Timothy Murphy's presentation, Open Spaces for Dialogue and Enquiry (OSDE): Toward Enhanced Democratic Practices explored the potential of OSDE as a tool for engaged discussion and action about democratic policies and practices in the educational system of the south of Ireland. Thanks to Timothy for bringing this methodology to my attention. I wasn't aware of such an initiative but it would appear to have much to offer as a methodological tool for improving learning and teaching about local and global issues. Incidentally, the OSDE website has an extensive range of resources available for download.
The second presentation in this session was Mella Cusack. Mella's presentation, The 3 Ds: Curriculum Development, Teacher Professional Development and Development Education, reported on the outcomes of the joint Citizenship Studies Project between Trocraire/City of Dublin Vocational Education Committee Curriculum Development Unit. This is another interesting initiative aimed at supporting and improving the development of citizenship education at secondary level in Ireland. Part of this initiative is aimed at producing a 45 hour Transition Unit examining the coverage of development issues in the media in the hope that students will enagage in better analysis and action. Mella quite rightly highlighted that any such initiatives and developments, such as curricula development, requires as much commitment to capacity enhancement and continuing professional development for teachers in schools.
Next up was Patsy Toland, from Self Help Development. Patsy described an interesting collaboration between Self Help and Christian Brothers schools to support development education approaches that emphasise student participation, local and global awareness and an action agenda. The prgramme has been well received and is undergoing expansion with additional partners and schools coming on board in 2007/2008. Patsy higlhighgeted some interesting points including the need for a coordinated strategic approach by NGOs with long term aims. Like the previous presenter Patsy highlighted the critical need for capacity enhancement of teachers. This programme highlighted interesting links between schools and local communities that provided spaces for all to discuss issues related poverty, gender and sustainable environments.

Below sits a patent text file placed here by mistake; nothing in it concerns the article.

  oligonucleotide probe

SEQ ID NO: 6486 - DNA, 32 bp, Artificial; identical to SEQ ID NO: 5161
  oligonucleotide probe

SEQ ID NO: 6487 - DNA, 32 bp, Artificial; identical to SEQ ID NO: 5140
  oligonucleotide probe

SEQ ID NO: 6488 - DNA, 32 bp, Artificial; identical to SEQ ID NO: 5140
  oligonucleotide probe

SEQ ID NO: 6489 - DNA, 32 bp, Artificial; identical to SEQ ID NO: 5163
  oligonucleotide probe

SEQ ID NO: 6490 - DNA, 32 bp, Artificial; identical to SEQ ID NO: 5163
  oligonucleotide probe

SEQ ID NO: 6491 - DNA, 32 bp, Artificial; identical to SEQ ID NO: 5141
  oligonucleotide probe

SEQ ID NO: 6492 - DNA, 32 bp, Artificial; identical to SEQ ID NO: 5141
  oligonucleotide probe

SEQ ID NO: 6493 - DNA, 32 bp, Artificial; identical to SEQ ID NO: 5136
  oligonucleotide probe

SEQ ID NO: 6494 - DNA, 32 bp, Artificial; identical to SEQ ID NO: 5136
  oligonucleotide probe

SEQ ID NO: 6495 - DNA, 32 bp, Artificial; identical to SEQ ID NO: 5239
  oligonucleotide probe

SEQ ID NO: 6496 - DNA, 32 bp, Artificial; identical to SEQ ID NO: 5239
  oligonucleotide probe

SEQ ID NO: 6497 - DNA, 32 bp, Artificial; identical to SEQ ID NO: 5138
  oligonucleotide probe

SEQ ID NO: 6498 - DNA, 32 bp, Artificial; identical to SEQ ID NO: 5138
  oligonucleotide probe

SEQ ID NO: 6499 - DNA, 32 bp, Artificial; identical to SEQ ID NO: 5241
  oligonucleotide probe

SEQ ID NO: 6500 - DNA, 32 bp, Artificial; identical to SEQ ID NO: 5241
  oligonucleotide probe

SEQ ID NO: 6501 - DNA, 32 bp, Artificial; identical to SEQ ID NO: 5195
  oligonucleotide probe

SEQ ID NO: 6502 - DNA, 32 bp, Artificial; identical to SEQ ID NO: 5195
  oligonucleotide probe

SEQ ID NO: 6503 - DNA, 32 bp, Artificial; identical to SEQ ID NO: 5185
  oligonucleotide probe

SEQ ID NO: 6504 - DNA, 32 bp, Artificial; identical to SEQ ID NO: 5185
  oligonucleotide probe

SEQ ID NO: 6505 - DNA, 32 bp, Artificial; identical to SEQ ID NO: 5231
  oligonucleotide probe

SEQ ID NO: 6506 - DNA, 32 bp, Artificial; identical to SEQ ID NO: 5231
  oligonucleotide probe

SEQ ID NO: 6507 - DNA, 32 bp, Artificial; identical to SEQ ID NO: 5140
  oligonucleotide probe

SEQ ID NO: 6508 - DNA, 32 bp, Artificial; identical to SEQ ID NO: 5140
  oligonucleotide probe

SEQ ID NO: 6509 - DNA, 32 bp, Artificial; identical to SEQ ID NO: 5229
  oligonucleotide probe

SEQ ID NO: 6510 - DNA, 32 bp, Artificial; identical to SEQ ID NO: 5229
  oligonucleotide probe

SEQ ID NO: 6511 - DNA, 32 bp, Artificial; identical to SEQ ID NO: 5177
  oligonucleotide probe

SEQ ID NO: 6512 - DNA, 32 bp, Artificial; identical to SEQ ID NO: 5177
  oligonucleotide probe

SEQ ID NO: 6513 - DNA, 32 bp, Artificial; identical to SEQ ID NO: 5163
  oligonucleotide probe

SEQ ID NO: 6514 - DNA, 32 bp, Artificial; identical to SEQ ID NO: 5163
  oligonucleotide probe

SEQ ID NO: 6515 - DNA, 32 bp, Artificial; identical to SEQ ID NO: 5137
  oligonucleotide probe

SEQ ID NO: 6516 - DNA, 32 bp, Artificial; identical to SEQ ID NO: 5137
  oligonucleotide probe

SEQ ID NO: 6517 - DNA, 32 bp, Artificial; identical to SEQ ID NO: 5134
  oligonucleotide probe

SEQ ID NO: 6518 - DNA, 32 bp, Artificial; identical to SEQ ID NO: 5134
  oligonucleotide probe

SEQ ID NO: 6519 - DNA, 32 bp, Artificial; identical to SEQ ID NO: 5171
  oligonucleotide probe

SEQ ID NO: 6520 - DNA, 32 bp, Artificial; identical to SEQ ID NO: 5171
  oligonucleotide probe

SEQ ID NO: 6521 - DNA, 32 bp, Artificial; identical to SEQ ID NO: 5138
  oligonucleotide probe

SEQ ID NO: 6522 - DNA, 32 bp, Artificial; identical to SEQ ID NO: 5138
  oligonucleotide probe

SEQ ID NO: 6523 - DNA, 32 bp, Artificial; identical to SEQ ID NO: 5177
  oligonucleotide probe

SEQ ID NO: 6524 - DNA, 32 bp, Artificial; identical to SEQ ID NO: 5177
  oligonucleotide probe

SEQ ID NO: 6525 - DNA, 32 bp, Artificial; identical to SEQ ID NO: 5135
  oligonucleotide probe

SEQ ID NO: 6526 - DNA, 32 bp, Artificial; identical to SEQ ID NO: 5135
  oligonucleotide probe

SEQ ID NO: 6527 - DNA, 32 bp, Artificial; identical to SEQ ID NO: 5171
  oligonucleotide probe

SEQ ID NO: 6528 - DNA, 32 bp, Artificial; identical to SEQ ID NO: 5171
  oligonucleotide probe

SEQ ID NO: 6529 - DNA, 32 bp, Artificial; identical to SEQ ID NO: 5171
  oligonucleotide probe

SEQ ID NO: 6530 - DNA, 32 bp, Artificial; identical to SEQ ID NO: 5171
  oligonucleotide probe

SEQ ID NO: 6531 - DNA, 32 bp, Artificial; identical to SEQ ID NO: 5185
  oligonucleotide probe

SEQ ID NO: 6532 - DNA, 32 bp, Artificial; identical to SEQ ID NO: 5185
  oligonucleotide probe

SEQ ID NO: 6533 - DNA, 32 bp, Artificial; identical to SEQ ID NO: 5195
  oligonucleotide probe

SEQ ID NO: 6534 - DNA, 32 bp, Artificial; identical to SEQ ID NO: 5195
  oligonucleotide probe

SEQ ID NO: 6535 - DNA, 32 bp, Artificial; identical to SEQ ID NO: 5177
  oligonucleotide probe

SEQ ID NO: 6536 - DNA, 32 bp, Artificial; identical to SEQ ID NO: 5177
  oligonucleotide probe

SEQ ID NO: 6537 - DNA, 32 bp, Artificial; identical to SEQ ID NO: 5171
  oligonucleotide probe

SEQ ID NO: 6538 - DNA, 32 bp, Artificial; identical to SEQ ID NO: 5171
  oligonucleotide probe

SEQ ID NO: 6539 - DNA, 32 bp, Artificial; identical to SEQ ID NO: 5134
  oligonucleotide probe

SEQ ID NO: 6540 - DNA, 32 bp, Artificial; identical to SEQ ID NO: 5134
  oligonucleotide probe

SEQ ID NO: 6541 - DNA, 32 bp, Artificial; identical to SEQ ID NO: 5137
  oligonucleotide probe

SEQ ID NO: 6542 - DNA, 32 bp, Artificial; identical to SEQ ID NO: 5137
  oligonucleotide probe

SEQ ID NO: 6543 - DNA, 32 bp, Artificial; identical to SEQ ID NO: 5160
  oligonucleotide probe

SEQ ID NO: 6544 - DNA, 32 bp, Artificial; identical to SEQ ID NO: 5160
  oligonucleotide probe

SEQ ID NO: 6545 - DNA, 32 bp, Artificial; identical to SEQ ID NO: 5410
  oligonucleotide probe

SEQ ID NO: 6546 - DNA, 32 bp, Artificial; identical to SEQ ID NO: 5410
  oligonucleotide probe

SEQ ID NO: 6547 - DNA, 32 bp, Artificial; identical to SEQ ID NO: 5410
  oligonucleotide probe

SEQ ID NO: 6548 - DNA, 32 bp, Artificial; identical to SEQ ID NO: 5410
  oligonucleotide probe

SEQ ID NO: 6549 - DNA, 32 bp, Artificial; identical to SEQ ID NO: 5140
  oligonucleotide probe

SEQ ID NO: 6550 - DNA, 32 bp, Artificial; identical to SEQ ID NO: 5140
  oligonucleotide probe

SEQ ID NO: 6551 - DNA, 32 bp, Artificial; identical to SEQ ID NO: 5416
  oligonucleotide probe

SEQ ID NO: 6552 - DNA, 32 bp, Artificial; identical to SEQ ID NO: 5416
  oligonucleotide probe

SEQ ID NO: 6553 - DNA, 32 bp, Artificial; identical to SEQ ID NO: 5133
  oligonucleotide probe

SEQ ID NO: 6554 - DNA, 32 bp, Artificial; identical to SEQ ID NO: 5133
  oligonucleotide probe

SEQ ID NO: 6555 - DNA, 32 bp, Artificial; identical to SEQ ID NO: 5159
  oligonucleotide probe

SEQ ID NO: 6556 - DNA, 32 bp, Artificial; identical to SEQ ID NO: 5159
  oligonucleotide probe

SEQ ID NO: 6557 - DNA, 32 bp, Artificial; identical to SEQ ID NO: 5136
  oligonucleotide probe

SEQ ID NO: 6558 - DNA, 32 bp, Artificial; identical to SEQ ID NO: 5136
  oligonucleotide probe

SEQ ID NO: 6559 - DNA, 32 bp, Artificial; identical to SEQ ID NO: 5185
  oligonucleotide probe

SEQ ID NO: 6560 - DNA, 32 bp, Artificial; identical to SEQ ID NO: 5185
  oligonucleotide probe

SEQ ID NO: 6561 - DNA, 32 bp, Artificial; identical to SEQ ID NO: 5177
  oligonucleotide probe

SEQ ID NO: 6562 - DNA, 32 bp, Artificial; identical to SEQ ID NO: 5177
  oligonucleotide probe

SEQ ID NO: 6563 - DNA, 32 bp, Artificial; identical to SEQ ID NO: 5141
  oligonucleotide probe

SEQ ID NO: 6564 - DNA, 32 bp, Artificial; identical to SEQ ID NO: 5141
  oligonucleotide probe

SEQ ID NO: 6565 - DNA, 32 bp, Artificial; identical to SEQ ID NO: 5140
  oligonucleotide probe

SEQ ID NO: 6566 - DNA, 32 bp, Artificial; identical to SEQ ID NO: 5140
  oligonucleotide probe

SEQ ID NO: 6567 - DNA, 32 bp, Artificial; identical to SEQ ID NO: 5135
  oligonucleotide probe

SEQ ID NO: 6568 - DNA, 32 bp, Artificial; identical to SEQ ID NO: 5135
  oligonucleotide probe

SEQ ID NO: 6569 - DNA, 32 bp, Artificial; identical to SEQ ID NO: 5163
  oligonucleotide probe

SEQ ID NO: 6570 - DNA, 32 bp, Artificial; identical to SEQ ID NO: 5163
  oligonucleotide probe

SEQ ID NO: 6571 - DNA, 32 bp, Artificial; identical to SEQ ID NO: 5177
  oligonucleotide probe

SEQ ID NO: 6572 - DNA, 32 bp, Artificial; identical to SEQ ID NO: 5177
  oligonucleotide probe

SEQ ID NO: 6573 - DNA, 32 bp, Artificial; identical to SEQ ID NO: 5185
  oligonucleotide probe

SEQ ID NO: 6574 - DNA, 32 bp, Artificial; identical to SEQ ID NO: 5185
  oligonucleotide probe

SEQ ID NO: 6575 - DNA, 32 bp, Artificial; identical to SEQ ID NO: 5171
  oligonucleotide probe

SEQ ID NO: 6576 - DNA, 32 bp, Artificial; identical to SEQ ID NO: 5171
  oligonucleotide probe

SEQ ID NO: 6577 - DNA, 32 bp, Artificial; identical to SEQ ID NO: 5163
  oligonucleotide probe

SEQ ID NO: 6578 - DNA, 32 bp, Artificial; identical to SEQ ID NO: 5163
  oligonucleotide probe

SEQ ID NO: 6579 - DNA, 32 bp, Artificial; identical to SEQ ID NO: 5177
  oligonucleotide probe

The final speaker in this session was Julia Franz from the University of Erlangen-Nuremburg. Julia presented on an intergenerational learning approach for sustainability which posed the question - can this kind of learning which takes place in families take place in educational institutes? Julia described a process that involved people ranging in ages from 4 to 90 years old! One such activity involved groups working together to explore issues surrounding energy and sustainability which involved a visit to a hydroelectric plant, a global networking game, story telling and investigations of local energy use. The activity culminated with the preparation of an exhibition based around the issues the explored and debated. Julia reported intense interaction between the different groups, the diversity of interests of different groups and the problems that this presented in terms of facilitation.
Certainly some interesting work going on in the area of development education in Ireland.
I would be grateful to know if there are any networks or initiatives in existence that attempt to coordinate and monitor the development education activities underway in Ireland.
The Visible Work, Invisible Women exhibition has been viewed by well over half a million people in India. Add to that the many thousands who have now seen the photographs overseas. For more information on the exhibition and its history, click here.
Not only is Mr Sainath an excellent journalist and speaker he is a very talented photographer. More importantly, he seems to be one of a very small group intent on capturing the realities and hardship of rural life in less wealthy countries.
Friday, 23 November 2007
Unfortunately the lecture finished all too early and there was no time for discussion (or is it a case of tradition in 'inaugural addresses' not allowing for this?) and I was left with may thoughts and unanswered questions but it was good to know that there is at least one person at QUB embracing alternative approaches to learning.